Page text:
The doctrine of inspiration could be used to explain our contradiction that the Bible is a long, epic poem and yet the vast majority of the authors did not intend to write poetry. What the biblical authors intended as nonfiction history or fact-based narrative, in reality is a God-breathed poem. The poem includes history and narrative but rises above the mundane world and taps into the sacred realm, the realm of what Emerson called the Oversoul of God. So the human authors intended it as the news of the day or of their experience, but the realm of God inspired the beauty and power of the Bible as pure poetry.

Now, we must clarify that the Gospels, the story of the good news for all people incarnated in Jesus Christ, is the climax, the center, the point of the poem. The Gospels also beg the question, were Jesus words merely a poem. The answer is rather obvious to me. Jesus taught in Parable. That was his method of teaching the truth of the Father. Another word for Parable for me, anyway, is Poem. Jesus spoke poems to teach the truth of God.

What’s more, Jesus is himself called the Word, the Word that was with God and is God in the first chapter of the gospel of John. Jesus as the Word can be seen as the ultimate poem of God. Jesus is the poem that became flesh and dwelt among us.

Why does this matter? Why does reading the Bible as a long, epic poem whose theme is the love of God that breaks through the limits of humanity? It matters because we cannot get around the sacredness of the Bible in the world and in the lives of so many. It remains the world’s greatest seller for a reason. We cannot dismiss it. We cannot ignore it or ridicule it without ridiculing millions whom find greatest meaning within. At the same time, we who are Christians but not biblical literalists need to read the Bible in a way that is honorable and sacred and meaningful. Reading the Bible as a sacred poem, timeless and boundariless, offers us a way, a way to honor, to see sacredness, and to find meaning in the Bible.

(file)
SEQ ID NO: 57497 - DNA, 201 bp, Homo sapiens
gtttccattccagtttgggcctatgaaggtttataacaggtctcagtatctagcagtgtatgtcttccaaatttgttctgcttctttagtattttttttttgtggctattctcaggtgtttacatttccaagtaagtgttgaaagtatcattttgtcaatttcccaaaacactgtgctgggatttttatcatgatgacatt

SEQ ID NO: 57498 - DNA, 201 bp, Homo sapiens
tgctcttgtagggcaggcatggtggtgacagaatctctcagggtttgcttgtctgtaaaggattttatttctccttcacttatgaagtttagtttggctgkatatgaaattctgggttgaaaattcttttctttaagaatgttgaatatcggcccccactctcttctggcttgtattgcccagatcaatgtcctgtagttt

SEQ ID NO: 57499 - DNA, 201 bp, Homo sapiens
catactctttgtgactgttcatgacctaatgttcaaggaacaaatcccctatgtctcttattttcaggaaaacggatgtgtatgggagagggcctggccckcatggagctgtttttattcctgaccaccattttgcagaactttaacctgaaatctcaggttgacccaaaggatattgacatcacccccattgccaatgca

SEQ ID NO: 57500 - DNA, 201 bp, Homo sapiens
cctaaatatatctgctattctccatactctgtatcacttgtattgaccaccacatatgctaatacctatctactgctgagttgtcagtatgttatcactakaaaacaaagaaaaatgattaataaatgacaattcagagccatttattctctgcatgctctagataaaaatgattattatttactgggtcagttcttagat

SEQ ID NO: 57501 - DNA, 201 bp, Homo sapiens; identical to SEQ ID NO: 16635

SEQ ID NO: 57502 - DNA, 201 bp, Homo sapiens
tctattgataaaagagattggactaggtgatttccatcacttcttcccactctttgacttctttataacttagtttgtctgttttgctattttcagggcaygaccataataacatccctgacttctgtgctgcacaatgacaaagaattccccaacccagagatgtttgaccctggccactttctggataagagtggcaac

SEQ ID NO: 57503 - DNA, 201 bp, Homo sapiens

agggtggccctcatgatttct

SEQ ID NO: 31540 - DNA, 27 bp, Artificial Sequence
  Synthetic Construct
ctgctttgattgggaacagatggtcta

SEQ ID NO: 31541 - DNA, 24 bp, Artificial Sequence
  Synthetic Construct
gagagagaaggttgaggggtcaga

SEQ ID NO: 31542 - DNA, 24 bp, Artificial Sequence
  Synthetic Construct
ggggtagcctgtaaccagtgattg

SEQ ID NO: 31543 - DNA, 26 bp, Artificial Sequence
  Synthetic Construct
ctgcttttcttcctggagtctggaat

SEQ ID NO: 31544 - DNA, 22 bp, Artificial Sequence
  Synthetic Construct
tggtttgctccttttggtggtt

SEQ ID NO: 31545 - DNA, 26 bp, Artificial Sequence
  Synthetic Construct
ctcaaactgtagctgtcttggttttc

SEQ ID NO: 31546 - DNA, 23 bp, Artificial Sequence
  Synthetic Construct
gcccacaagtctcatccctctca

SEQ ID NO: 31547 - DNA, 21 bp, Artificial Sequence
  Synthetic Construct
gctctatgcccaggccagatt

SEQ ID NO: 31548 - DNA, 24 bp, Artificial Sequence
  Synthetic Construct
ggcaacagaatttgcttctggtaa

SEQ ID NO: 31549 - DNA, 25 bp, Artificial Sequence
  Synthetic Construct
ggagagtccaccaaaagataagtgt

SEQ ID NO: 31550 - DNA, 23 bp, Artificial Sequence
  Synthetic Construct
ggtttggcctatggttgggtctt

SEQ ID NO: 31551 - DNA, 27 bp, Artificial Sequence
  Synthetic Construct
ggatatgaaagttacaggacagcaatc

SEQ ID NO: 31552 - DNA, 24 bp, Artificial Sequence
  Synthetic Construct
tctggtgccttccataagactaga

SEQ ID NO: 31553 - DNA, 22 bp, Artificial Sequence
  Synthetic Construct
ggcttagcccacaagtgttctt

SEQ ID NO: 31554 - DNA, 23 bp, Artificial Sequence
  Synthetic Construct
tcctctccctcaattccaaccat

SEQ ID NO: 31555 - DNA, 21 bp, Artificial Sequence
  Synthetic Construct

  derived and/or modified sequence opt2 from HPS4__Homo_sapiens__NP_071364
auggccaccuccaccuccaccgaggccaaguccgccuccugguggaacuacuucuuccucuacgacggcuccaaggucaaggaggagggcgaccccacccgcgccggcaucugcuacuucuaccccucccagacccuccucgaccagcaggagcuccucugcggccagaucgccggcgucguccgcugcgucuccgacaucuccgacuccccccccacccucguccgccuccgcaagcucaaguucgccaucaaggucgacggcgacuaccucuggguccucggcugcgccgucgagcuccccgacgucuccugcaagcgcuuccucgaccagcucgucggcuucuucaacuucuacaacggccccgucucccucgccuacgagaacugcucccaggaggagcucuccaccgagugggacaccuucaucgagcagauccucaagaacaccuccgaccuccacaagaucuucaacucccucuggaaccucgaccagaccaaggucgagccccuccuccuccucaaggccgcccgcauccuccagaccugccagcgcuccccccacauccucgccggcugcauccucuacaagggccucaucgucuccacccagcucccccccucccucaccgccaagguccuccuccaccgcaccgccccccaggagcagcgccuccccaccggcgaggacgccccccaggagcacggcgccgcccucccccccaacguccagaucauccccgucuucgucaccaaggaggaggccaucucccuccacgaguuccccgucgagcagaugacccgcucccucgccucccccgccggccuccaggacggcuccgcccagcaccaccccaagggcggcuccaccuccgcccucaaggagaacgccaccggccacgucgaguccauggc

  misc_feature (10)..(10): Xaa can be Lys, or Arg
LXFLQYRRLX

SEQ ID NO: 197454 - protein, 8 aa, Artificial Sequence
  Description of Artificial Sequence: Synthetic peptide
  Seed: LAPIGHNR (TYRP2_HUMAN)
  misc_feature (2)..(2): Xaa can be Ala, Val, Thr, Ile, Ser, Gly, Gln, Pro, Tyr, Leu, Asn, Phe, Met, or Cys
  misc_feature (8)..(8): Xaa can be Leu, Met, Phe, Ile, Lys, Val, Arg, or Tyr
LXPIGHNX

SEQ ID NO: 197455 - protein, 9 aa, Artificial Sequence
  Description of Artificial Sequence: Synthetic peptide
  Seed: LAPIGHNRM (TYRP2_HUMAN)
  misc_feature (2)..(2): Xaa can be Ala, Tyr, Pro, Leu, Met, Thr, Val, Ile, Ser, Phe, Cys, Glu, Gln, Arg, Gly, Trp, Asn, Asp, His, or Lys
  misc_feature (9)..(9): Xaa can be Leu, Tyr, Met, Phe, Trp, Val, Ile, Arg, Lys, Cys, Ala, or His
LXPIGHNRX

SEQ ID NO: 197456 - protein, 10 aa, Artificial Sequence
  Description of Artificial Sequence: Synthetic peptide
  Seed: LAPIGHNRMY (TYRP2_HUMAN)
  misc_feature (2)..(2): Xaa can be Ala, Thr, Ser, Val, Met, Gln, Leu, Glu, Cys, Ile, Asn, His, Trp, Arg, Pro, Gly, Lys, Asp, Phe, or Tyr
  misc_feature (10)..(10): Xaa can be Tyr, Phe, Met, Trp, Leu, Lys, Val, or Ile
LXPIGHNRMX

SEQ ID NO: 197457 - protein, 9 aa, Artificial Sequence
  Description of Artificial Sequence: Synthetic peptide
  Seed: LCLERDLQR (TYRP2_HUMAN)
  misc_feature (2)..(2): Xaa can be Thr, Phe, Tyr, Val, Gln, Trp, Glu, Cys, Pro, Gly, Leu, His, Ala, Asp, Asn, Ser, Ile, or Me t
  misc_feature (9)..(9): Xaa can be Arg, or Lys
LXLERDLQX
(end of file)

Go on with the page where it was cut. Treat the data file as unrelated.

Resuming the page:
So in our readings and internalizing of the Bible, may we see deeply and find the rhythm and rime, the cadence and the elegance, and even the toughness and loudness of the love of God. May it be so. Amen.


So beginning next week, we will look at the creation story in Genesis. I want to ask that if you have a Bible that is easily totable, bring it. Evangelicals like my parents have often remarked that what separates their churches from mainline churches is that they carry a Bible to church. So if you want to experience what that is like, maybe for the sermon series, you can carry your Bible to church. If not, you can use a pulpit Bible.